In what's been called the Great Resignation, over 47 million Americans quit their jobs in 2021. With many experiencing significant loss, Americans began to question how and where they wanted to spend their life. Working for a company that provides respect and meaningful work became a priority over higher wages. Most workers who quit their jobs cited a toxic work culture as their primary reason for leaving.
Quitting their job, however, translated not into unemployment but entrepreneurship for many Americans. As history shows, many businesses are launched during tough times. According to Census Bureau data, Americans filed paperwork for 5.4 million businesses in 2021-- a 53 percent increase from 2019 and 23 percent higher than in 2020. These are the greatest increases in over a decade.
But two years into the pandemic, entrepreneurs may be questioning whether they should continue the risky journey of self-employment. Capital access, supply-chain disruptions, and hiring issues are cited as the biggest challenges. For some entrepreneurs, these challenges may have you wondering whether the grass is greener on the other side. That is, would it be best to close up shop and have a boss instead of being one?
Pause before deciding and consider the following questions:
1. Is my desire to quit based on emotion or facts?
There's a famous saying that goes, "Never reply when you are angry. Never make a promise when you are happy. Never make a decision when you are sad." Avoid making a big decision, like abandoning your venture, when you're either angry or sad. The exception is if you've observed a pattern of anger or sadness. Take the time to carefully reflect on the reasons why you want to quit, but also the reasons why staying might be the better option (at least for now).
2. What are my interests?
In negotiations, interests refer to your needs, concerns, and motivations for negotiating over certain issues (tangibles). The key to a fulfilling job is finding one that will provide the right tangibles that will help you address these interests. If your interests are having autonomy, creating a product or providing a service that is meaningful to you, and making an impact in your field but these interests are not being satisfied through entrepreneurship, then perhaps it's time to actively search for a job and an employer that will provide what you need.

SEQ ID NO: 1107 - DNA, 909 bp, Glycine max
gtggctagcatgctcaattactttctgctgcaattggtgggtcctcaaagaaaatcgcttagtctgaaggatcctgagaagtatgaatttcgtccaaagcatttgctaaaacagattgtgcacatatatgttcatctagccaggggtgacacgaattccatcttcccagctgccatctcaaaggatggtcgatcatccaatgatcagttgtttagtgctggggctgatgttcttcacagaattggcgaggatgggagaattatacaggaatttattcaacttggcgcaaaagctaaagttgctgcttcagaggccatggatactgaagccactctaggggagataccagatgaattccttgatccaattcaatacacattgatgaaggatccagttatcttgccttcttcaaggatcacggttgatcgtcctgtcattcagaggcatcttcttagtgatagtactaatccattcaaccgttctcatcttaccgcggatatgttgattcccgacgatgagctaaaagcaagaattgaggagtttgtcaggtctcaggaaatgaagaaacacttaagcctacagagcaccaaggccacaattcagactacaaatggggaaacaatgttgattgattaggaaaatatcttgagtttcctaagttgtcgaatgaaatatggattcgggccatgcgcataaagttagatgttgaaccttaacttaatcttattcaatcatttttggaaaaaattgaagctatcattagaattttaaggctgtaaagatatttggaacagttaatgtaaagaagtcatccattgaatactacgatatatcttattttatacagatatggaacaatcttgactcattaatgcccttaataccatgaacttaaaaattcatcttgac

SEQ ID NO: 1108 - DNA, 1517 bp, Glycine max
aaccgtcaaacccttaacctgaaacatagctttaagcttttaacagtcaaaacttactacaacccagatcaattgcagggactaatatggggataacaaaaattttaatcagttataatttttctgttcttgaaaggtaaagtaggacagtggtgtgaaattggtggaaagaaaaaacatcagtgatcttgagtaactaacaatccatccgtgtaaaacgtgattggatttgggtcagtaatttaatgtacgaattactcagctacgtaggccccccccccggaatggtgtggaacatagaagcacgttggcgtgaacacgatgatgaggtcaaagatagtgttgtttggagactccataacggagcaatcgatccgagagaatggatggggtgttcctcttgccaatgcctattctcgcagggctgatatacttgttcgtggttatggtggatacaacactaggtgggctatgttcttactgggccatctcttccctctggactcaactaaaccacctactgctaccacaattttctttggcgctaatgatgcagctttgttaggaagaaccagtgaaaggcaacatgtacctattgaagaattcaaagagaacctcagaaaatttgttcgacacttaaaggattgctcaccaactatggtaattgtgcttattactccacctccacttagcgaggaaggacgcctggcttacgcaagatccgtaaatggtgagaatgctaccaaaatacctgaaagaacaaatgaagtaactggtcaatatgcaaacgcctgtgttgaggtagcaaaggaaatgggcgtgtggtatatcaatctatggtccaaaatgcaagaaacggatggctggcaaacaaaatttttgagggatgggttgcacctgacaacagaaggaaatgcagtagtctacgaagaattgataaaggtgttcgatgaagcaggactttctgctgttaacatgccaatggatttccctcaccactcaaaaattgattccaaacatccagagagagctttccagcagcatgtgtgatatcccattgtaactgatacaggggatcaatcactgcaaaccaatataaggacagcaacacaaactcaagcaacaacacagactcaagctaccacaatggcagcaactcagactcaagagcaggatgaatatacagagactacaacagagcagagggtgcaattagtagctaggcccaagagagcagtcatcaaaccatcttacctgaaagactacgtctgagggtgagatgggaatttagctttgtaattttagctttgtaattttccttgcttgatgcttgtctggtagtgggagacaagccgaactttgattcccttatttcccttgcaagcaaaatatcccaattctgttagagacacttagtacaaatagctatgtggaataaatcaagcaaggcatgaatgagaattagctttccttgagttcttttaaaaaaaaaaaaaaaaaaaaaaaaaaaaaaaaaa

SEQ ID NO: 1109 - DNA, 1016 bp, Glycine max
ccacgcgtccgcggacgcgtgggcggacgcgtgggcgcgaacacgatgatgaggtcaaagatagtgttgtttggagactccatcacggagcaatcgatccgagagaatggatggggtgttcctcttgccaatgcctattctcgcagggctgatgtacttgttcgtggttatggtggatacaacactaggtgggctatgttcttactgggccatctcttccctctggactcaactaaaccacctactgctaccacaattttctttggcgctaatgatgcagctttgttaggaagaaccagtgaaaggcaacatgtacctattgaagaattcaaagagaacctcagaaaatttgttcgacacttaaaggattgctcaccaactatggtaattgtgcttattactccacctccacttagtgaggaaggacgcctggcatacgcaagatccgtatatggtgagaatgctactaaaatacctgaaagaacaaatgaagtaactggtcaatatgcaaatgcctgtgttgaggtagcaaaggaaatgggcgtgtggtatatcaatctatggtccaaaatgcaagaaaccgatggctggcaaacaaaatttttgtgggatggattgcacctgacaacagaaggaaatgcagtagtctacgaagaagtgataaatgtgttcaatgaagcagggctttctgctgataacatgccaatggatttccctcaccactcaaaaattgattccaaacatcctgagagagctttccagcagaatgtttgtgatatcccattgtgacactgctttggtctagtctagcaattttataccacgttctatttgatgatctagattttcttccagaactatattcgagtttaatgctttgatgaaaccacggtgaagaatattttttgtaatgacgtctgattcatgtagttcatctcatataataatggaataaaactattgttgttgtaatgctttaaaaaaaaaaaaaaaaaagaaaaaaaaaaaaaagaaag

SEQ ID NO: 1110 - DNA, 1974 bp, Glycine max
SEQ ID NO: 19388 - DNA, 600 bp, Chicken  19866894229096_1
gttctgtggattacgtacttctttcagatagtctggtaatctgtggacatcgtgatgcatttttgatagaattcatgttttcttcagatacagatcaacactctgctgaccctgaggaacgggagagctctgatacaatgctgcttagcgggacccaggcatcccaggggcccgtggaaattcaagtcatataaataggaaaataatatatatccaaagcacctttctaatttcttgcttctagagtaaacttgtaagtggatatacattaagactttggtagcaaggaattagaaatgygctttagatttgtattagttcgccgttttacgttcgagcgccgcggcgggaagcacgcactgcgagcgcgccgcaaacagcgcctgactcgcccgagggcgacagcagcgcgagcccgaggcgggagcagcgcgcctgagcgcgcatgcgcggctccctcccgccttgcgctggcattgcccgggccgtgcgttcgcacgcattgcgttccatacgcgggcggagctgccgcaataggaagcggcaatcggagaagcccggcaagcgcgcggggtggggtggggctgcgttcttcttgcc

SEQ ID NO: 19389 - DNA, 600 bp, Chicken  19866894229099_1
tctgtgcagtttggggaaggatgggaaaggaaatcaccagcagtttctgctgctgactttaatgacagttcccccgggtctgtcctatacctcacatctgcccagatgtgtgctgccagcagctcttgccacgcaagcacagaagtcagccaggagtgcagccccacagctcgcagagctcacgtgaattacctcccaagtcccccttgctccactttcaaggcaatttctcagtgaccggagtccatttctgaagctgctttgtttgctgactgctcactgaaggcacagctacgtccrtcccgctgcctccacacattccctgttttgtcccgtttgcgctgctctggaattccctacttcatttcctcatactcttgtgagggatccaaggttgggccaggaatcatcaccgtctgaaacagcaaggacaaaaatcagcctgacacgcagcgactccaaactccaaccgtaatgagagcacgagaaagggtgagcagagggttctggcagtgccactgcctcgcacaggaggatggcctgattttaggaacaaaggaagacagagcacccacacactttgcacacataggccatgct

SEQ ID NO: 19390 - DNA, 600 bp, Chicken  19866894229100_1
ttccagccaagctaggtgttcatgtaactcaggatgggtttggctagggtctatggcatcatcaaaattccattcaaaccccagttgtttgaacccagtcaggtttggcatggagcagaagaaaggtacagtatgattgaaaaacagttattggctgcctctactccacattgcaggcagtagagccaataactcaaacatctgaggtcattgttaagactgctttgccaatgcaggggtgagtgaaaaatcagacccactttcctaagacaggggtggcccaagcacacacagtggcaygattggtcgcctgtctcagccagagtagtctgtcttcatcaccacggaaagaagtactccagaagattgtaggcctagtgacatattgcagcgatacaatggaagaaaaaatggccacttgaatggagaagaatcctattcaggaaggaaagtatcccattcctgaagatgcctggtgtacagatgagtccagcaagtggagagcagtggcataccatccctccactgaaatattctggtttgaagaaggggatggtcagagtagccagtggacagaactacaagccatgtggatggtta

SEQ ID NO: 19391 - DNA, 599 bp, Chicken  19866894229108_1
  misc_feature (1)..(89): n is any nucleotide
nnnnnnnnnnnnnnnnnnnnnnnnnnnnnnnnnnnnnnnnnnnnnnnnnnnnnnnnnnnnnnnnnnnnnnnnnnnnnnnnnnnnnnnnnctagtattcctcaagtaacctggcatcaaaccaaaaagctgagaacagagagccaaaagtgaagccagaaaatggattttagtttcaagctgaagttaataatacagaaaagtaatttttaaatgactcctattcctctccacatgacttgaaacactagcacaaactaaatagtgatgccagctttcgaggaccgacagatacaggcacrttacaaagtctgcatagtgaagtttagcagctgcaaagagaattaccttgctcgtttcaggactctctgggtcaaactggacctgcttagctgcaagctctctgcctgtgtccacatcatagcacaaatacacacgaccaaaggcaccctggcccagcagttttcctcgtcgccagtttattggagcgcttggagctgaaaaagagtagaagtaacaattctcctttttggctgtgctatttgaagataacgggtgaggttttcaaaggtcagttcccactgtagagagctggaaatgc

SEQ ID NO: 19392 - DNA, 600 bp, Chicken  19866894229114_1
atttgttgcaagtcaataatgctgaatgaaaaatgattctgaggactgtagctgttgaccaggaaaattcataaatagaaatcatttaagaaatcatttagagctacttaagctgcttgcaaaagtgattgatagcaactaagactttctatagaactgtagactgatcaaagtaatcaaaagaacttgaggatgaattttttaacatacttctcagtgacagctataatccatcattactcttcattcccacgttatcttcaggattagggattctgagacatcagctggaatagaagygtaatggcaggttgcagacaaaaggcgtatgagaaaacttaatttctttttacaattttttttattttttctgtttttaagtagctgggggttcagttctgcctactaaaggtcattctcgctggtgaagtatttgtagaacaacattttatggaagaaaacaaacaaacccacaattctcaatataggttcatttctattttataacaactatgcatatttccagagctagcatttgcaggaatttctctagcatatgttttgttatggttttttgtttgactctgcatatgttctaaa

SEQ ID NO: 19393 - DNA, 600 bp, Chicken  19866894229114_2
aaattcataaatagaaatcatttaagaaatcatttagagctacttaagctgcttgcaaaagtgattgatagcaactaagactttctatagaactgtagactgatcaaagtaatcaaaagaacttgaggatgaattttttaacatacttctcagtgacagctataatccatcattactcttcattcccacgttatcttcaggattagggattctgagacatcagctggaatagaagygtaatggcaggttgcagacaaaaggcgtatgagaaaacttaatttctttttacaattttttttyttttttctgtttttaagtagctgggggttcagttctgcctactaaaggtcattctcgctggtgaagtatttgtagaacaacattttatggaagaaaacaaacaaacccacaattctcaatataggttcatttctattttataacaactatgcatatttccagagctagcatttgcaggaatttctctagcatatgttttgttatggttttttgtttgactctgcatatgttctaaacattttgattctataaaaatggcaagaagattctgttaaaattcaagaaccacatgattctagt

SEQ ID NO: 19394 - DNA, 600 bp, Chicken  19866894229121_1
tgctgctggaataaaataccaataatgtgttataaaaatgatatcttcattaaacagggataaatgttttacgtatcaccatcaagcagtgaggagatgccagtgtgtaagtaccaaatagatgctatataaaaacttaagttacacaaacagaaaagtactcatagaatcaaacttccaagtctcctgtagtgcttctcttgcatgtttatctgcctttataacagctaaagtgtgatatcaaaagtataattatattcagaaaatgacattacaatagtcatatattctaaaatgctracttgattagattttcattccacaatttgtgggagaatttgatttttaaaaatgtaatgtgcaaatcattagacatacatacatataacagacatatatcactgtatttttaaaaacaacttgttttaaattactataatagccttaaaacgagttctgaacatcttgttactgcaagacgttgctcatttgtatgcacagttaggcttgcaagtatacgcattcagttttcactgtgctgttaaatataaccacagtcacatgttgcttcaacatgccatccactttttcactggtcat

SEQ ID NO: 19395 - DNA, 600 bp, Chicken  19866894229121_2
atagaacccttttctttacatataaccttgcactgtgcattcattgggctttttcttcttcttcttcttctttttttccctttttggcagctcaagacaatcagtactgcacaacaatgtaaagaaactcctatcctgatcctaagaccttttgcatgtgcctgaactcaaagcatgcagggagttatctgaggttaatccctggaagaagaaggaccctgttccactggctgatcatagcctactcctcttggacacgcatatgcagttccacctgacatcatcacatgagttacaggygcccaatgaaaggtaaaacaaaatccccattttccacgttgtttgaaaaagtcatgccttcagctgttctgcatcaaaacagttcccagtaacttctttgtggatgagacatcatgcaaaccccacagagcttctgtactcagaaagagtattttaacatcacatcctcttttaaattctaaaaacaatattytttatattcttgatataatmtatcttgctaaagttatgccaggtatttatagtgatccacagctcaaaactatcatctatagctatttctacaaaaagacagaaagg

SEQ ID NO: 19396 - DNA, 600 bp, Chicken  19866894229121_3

3. What would improve your current position or your feelings about it?
Before resigning as an entrepreneur altogether, consider making a list of the things you would like to change or that would motivate you to stay. Determine where the locus of control lies in making these changes.
Are they internal (changes over which you have control)? Or are they external (where the control over these outcomes lies in outside forces)? If the former, consider identifying specific steps that you can take to make these changes. If external, consider identifying specific resources -- including other people -- that may be instrumental in helping you achieve the desired outcome.
There's a tremendous risk in resigning. Your next venture may or may not work out. For many entrepreneurs who are optimistic about the future of their business, resigning is not an option. You may decide, however, that it is the best course at this time. The beauty of making a decision is that you can make another decision if the first didn't yield the results you expected. As James Clear, author of Atomic Habits, wrote, "the pain of inaction stings longer than the pain of incorrect action."